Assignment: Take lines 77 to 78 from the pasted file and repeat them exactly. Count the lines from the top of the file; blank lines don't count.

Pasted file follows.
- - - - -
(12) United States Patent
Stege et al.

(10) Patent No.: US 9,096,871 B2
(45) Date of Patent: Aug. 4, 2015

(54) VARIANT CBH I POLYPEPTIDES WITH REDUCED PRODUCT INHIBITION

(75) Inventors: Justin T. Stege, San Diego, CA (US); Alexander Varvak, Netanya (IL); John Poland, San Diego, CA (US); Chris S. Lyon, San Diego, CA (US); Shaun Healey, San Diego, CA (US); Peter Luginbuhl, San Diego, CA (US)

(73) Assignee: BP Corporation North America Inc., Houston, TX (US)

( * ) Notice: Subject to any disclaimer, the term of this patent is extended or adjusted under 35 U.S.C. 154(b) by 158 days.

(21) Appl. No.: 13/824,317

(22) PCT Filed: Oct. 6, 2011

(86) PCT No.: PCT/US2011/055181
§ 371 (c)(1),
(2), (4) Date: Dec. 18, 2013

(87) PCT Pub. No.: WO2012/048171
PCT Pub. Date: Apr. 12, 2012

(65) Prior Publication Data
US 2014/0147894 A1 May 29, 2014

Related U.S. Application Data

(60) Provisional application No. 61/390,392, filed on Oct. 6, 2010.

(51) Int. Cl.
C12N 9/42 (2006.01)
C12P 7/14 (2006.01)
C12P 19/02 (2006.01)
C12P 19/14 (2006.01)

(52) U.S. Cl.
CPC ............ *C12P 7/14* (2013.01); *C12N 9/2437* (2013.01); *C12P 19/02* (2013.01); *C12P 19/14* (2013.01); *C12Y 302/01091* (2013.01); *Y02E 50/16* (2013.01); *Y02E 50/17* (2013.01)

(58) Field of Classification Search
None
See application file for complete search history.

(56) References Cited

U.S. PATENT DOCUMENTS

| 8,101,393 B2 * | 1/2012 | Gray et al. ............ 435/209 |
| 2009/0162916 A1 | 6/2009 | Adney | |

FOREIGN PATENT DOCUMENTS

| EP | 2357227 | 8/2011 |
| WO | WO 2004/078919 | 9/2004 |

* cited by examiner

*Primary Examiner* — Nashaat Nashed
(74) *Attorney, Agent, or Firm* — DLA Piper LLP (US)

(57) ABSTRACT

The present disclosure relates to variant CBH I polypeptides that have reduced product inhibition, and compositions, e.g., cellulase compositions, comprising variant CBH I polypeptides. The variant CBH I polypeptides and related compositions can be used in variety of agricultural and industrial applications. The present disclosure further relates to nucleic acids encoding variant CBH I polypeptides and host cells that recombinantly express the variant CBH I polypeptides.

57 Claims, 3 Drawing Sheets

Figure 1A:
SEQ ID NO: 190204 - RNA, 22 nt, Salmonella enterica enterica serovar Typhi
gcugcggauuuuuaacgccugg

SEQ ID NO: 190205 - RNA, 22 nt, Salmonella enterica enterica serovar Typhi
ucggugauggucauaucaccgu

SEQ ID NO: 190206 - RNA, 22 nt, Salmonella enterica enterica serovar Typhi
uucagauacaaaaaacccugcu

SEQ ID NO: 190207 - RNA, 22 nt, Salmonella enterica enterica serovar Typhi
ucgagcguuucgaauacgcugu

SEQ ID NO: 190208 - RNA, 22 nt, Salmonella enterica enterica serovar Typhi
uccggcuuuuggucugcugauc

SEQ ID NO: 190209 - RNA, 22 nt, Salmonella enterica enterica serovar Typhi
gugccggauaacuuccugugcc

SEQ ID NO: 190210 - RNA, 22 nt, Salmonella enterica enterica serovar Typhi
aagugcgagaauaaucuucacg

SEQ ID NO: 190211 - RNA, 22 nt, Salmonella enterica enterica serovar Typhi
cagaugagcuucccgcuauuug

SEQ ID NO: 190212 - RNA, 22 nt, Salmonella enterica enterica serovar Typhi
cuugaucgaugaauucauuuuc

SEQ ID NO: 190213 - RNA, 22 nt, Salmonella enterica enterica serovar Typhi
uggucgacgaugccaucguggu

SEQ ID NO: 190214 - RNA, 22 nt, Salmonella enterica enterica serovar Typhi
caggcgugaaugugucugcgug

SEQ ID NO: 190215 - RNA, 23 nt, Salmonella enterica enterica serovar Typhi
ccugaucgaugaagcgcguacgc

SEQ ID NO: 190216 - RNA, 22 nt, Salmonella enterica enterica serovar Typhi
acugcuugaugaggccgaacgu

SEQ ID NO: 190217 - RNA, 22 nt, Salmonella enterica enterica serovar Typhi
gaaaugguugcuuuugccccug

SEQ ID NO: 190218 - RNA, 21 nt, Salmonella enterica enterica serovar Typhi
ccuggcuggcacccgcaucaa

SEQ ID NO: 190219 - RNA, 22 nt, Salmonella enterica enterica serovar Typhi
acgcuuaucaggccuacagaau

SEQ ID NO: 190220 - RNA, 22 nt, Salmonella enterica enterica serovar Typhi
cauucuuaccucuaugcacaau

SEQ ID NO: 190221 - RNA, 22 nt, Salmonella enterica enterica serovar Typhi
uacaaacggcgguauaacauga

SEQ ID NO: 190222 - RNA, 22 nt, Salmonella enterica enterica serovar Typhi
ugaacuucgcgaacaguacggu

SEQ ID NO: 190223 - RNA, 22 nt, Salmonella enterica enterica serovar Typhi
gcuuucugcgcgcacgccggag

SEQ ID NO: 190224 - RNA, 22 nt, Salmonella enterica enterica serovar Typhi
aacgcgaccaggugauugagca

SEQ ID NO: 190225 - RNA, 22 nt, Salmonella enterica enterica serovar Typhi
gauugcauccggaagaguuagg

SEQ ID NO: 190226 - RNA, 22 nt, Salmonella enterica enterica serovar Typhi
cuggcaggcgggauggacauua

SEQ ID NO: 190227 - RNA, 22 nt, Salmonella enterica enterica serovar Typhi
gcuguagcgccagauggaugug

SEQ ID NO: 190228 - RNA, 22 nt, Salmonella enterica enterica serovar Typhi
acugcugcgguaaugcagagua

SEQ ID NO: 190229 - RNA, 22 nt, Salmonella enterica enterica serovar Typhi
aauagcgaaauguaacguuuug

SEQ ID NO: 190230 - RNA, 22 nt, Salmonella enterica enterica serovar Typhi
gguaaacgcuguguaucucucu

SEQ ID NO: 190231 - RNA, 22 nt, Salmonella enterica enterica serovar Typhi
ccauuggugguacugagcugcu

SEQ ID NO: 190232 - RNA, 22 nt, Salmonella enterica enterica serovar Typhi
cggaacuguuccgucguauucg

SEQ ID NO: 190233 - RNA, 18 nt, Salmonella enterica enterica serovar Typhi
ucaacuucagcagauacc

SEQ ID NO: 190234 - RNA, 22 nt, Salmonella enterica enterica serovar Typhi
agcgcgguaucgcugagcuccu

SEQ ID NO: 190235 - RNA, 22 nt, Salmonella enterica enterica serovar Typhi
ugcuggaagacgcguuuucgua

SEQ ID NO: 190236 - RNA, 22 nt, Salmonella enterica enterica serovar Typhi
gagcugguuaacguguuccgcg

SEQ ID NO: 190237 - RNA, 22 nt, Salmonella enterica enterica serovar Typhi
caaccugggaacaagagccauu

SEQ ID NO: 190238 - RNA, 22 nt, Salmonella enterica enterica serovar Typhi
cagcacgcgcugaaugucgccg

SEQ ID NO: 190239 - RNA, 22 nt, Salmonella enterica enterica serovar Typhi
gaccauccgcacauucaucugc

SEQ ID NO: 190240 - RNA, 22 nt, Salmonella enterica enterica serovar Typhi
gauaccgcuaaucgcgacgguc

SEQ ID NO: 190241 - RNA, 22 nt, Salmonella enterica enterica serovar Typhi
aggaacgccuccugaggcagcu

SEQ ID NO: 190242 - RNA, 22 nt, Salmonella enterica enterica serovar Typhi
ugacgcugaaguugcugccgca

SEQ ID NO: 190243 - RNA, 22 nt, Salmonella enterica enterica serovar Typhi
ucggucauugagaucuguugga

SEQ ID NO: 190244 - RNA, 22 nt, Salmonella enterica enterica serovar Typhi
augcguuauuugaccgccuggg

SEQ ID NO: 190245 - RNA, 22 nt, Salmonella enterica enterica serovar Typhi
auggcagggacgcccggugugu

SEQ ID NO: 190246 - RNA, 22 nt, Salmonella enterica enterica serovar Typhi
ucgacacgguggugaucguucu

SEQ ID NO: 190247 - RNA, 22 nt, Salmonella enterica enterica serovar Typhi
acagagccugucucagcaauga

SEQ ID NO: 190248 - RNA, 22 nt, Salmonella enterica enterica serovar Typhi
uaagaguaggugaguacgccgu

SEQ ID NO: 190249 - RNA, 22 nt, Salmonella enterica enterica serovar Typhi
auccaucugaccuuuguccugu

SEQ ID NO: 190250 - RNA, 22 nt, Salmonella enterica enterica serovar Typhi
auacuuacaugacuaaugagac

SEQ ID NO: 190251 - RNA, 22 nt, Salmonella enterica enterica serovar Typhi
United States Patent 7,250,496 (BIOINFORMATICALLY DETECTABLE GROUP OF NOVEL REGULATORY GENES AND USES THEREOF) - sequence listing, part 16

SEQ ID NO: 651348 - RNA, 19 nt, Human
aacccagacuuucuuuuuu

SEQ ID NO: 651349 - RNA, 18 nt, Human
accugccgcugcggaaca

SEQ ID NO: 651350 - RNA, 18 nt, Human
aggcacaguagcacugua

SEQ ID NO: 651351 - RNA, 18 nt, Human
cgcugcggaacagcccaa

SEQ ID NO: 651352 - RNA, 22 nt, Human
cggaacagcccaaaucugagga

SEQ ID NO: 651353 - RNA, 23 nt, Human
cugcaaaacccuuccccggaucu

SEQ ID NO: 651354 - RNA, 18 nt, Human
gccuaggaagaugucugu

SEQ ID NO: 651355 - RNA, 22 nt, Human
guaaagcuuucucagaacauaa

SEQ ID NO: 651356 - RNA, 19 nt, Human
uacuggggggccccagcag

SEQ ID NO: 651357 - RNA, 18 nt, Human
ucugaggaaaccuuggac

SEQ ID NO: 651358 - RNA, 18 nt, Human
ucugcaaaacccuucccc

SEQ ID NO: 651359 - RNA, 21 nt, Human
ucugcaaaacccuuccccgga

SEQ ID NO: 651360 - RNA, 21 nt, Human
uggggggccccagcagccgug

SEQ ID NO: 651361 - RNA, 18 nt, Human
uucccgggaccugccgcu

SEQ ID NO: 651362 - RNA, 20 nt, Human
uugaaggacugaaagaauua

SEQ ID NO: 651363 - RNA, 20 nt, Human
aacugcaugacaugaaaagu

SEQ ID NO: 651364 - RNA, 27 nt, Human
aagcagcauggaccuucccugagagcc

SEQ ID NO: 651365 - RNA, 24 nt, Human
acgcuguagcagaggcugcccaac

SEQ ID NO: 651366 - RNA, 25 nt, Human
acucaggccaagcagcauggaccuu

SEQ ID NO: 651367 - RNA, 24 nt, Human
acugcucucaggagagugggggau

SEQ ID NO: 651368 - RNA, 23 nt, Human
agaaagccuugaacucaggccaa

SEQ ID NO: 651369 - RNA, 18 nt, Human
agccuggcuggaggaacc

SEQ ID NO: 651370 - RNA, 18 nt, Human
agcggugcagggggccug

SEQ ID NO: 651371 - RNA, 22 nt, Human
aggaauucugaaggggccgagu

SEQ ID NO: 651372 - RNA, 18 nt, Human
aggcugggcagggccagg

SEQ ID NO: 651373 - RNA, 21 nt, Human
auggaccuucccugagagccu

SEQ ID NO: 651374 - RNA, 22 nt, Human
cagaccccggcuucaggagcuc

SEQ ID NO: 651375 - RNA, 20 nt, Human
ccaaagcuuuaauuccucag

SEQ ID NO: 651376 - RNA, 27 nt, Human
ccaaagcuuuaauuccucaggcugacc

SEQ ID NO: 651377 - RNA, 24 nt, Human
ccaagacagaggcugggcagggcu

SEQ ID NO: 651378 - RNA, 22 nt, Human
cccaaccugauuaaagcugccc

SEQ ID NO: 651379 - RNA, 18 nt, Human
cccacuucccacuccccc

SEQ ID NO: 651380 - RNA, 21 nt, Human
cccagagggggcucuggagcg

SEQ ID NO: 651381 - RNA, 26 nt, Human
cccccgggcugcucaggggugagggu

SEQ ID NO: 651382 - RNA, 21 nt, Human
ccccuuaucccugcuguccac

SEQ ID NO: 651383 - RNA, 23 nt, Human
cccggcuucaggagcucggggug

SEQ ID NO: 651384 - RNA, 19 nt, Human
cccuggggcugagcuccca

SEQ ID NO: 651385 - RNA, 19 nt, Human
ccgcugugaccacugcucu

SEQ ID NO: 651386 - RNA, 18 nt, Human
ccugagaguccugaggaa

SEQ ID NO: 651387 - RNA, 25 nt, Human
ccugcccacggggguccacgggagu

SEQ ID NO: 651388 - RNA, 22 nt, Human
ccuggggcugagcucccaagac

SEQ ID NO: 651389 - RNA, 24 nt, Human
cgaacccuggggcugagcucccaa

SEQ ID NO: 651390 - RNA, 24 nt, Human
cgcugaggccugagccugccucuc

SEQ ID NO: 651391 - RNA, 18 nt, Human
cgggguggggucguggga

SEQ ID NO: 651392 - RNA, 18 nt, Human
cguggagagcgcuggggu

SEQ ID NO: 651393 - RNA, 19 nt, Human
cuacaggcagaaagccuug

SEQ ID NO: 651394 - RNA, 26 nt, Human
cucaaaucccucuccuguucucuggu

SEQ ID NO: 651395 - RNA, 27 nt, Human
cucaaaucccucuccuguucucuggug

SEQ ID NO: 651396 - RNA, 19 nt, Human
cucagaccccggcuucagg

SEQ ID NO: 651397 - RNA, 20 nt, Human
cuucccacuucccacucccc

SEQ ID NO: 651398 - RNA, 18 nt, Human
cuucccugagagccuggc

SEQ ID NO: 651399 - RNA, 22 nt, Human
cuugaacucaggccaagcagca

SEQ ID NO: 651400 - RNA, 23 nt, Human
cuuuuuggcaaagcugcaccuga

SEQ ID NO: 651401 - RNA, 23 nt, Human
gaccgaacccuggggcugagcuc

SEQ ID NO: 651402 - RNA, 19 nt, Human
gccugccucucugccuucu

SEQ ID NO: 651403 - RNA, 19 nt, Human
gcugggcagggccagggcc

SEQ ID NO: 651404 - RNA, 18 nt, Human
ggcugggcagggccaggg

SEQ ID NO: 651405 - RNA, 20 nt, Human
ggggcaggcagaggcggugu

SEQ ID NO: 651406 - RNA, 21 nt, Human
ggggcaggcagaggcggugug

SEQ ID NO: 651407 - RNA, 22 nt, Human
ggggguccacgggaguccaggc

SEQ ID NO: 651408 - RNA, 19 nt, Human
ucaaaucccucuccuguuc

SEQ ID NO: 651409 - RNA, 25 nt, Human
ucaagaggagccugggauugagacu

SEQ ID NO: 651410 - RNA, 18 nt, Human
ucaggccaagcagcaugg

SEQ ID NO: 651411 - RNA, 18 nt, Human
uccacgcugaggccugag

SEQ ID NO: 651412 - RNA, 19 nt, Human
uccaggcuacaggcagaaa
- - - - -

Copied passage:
cauucuuaccucuaugcacaau

SEQ ID NO: 190221 - RNA, 22 nt, Salmonella enterica enterica serovar Typhi